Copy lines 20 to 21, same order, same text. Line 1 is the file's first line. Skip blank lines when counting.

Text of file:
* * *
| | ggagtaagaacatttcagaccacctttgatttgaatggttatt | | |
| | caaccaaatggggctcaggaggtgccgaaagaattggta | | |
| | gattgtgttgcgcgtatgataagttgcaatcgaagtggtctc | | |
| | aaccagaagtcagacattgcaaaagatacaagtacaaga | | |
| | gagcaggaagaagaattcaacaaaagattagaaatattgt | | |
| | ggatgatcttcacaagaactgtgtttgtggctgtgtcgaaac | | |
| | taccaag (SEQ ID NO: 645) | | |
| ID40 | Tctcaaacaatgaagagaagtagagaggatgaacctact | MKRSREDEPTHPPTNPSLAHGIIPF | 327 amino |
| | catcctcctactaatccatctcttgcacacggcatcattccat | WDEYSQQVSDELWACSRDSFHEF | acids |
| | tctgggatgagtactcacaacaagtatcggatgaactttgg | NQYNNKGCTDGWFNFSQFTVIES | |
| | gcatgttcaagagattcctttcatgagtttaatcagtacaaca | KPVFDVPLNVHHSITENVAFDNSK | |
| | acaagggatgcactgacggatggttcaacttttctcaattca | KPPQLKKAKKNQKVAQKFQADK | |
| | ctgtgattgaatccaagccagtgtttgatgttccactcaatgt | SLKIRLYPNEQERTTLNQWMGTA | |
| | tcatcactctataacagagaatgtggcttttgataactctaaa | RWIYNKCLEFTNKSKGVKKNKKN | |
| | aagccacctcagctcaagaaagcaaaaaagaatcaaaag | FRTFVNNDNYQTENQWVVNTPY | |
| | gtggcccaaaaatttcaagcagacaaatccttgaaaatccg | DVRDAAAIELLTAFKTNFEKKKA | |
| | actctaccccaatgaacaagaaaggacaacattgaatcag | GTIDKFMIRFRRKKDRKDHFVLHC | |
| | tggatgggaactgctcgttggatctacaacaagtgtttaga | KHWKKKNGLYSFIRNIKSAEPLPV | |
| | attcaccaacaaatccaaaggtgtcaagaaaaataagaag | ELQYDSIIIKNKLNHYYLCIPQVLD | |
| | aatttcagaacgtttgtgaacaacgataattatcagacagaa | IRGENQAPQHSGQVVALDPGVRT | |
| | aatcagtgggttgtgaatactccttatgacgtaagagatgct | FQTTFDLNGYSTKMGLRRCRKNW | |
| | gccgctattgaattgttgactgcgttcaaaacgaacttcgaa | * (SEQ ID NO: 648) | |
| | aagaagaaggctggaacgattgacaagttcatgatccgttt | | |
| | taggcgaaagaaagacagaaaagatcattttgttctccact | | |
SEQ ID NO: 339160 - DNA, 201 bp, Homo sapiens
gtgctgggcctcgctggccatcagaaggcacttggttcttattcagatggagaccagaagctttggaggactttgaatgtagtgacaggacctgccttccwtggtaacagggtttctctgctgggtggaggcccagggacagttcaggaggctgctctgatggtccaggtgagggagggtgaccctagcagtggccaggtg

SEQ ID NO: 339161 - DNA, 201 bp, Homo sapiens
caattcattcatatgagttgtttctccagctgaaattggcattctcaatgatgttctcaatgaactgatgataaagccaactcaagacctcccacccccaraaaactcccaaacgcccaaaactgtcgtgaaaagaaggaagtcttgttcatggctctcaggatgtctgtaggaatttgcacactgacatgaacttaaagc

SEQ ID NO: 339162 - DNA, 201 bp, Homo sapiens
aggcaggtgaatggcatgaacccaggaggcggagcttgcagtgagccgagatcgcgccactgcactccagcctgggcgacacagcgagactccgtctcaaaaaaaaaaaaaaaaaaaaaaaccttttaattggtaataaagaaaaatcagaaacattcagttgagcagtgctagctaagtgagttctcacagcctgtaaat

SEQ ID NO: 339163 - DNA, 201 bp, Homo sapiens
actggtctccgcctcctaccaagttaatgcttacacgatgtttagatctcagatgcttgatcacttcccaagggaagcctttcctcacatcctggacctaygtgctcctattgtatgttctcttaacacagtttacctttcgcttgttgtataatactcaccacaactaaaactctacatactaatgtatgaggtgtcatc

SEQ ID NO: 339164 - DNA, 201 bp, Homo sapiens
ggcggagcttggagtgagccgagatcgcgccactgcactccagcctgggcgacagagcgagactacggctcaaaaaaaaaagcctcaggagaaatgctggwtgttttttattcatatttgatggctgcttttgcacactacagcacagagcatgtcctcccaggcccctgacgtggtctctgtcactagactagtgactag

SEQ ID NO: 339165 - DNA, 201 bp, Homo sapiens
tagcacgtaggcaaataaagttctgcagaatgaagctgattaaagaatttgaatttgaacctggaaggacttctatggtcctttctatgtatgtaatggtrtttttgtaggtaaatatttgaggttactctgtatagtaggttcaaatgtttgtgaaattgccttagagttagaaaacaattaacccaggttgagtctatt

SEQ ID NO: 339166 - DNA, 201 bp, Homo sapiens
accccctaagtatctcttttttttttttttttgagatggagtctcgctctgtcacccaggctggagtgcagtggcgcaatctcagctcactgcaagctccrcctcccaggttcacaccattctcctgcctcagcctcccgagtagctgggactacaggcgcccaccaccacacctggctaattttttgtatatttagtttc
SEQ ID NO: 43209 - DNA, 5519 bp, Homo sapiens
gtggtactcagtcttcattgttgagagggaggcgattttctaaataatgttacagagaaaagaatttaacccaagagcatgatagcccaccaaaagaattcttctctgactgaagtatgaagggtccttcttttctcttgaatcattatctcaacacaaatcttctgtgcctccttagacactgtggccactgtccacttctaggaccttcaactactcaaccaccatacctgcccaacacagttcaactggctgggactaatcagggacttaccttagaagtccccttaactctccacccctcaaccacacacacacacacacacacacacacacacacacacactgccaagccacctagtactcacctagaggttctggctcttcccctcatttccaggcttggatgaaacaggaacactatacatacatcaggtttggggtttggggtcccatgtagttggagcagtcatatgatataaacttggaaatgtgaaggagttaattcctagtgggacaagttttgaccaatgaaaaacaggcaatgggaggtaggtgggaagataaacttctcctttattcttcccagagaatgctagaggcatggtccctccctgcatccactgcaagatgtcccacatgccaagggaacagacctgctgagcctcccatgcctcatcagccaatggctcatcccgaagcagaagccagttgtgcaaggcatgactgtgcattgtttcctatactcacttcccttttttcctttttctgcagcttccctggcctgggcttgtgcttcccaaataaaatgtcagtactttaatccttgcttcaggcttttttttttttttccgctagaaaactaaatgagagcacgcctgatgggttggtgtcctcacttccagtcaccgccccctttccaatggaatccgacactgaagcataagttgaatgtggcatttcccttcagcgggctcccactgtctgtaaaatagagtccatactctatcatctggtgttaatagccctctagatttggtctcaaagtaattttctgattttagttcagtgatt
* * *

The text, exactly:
| | aatttcagaacgtttgtgaacaacgataattatcagacagaa | IRGENQAPQHSGQVVALDPGVRT | |
| | aatcagtgggttgtgaatactccttatgacgtaagagatgct | FQTTFDLNGYSTKMGLRRCRKNW | |